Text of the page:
As you probably know, I’ve been spending the last ten days exploring the Holy Land in Jordan. I’ve had an amazing time experiencing the beauty and hospitality of this land, and certainly have discovered there’s plenty here in Jordan to write about.
However, the other day I experienced a moment I hadn’t budgeted for. Yes, one expects to see and experience the sights, take in the beauty, immerse oneself in history and everything else, but what I hadn’t really expected was to experience God in the Holy Land. Honestly, I’m embarrassed to say that out loud because it’s not very spiritual of me, but my commitment to walking authentically with you bids me to put that on the table.
Our family has had past struggles, and currently we are in a chapter where our future is uncertain. Like everyone else, we have hopes, dreams, and goals for our family… some which have come true, and some which only exist as a painful thorn in our sides- a constant reminder of what never was, or may not be. These issues have sat on my chest lately like a team of elephants to the point where I was beginning to have anxiety attacks when they crept into my field of vision. If dreams could become something that haunt, mine certainly do.
And so, while having a few minutes of quiet and solitude at a holy site, I sat down and had one of my direct and blunt talks with God (the kind that I describe in my book, Undiluted).
I sat on top of Mt. Nebo- the place where Moses stood after years of wandering, and finally saw the land God had promised. From that quiet spot, I laid all my hopes and dreams on the table before God. I asked him if there would ever be an arrival at a Promised Land for us, or if like Moses, I’d be excluded from ever entering in. I just sat there, at the “golden hour of the day” and one by one marched my unfulfilled hopes and dreams before him, and wept alone over them.
It was then, at my most broken moment, where I feel like I finally heard God whisper in my ear. It doesn’t happen that often, but I feel like I can tell when that quiet voice is God- because what that voice says typically flies in the face of my own logic, never seems to line up with what I’d tell myself if I could, and often presents a challenge to myself that I’d rather pretend wasn’t posed.
Like when God spoke to Elijah (whose hometown I visited) in the “soft still voice” after the wind passed, that’s how he came to me during my moment on Mt. Nebo. The soft rustle of the wind blew some wheat back and forth before me, as can be seen in this picture I took with my iPhone:
And then God spoke to me about my hopes and dreams. Not in some new, strange way, but simply by reminding me of some words of Jesus which it seemed he was inviting me to apply to my own life. The words were hard to hear, but as I watched the wheat gently blow back and forth in front of me, I knew that God was speaking to my heart when he quoted:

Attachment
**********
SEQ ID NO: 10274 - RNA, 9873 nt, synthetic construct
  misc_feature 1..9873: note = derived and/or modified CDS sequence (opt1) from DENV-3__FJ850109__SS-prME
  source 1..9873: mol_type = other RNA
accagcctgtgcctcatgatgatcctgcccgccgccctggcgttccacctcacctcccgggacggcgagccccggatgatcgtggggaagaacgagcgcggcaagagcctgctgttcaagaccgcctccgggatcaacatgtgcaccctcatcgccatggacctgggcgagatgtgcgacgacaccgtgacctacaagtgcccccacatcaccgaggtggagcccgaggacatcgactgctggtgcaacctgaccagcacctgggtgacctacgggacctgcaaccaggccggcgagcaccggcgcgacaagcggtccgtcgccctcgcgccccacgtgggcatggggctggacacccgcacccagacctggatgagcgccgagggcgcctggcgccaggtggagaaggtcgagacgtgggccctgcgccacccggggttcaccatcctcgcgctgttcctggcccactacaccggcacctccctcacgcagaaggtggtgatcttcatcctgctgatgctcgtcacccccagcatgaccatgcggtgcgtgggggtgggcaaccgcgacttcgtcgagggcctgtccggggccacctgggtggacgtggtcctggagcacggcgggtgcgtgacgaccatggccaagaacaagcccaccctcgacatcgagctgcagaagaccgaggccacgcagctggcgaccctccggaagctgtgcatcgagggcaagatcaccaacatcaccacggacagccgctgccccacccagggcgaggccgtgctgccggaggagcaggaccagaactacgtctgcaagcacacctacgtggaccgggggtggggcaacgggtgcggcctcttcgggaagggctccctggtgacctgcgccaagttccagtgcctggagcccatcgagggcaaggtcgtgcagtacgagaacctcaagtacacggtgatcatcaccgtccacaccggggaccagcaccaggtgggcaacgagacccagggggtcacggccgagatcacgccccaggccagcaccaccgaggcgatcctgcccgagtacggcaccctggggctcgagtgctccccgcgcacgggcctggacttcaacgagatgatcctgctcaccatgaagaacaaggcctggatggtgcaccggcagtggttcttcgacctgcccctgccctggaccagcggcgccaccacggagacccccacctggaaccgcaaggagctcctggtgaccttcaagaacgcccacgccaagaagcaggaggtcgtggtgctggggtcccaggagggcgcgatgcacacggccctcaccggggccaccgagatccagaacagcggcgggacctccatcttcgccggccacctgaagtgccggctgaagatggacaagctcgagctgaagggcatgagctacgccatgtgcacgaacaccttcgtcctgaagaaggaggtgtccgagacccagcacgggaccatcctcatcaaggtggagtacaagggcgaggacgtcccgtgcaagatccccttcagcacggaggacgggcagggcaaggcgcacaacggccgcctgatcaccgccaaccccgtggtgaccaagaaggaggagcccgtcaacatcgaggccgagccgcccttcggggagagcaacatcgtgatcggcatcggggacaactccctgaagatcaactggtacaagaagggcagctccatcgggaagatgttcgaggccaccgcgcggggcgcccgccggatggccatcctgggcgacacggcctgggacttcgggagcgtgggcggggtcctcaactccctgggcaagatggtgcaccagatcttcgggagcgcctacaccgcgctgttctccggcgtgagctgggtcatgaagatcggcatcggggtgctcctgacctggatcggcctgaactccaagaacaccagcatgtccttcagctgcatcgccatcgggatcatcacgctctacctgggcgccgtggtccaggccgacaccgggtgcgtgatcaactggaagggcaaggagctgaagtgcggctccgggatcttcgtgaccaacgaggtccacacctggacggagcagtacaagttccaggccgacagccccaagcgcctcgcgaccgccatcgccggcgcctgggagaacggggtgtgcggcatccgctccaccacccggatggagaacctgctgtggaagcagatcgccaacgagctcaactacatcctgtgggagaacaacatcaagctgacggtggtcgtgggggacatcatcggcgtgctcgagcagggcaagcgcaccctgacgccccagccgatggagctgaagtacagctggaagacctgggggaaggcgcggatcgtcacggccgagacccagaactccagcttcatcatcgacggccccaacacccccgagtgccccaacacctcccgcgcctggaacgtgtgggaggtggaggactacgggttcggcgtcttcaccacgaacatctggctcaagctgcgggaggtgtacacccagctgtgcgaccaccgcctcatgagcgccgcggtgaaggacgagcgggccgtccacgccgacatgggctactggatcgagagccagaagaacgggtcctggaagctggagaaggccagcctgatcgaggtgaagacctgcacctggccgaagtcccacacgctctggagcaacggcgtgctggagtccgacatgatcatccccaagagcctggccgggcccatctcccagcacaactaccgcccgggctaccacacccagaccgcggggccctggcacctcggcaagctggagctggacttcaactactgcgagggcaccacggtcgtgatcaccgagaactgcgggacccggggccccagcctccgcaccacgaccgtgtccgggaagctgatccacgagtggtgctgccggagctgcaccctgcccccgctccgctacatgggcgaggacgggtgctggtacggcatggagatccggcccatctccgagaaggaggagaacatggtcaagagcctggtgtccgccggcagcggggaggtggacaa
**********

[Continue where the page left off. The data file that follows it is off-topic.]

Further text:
“Very truly I tell you: unless a grain of wheat falls to the ground and dies, it remains alone. But if it dies, it will produce even more fruit.” – Jesus (John 12:24)
As hard as it was to hear, I couldn’t deny it: I knew that God was inviting me to let go of so many hopes and to let them fall to the ground. Not exactly the advice I would have given myself, but my heart knew it was his invitation. How does letting go and embracing death bring new life? That’s always the unknown question. When I posed it to God, I just got a clear sense that he was telling me: “Your job is just the dying part. New life is mine.”
I continued to cry over these broken dreams and unfulfilled hopes, but knowing that God was speaking at that moment, I symbolically plucked a piece of the wheat before me and separated the grains in my hand. One by one, I dropped each to the ground and said, “I embrace death to this dream, God. I trust you to grow the fruit.”
Letting go and embracing death to ourselves, death to hopes, and death to our own dreams so that something new and beautiful can grow out of that death is hard– especially since our part is just the dying part– and that we have to wait and trust for the fruit it will bring. Yet, I believe with all my being, that this is the crazy, illogical life that God invites us into.
And this is the backwards invitation of God: if we want to truly live, we first must become willing to die.
The following day I felt like God unexpectedly spoke again- affirming his invitation to put so many parts of myself to death so that he can grow something new. As I was walking through the gorge on my way to the ancient city of Petra, I came upon this sight: a tree growing out of a rock:
My journey to Jordan has been many things, but perhaps more than anything, Jordan is where I remembered that God invites us to let our kernels of wheat– whatever they are– fall to the ground and die, so that he can grow something new out of death… something that he promises will “bear much fruit.”
What are your kernels of wheat? What is it that you are still holding onto, that haunts you in the middle of the night or that travels with you like a thorn in the side?
Whatever your kernel of wheat is, I’d invite you to continue walking with me on this spiritual journey by dropping it to the ground and embracing the truth that unless our kernels of wheat fall to the ground and die, they remain a single seed- but if they die, they produce much fruit.
God can grow new life anywhere. He can bring forth new life out of death, and produce infinite fruit with our small kernels. But to get there, we must embrace that God’s invitation is a backwards invitation where he invites us to discover vibrant new life… by first becoming willing to die.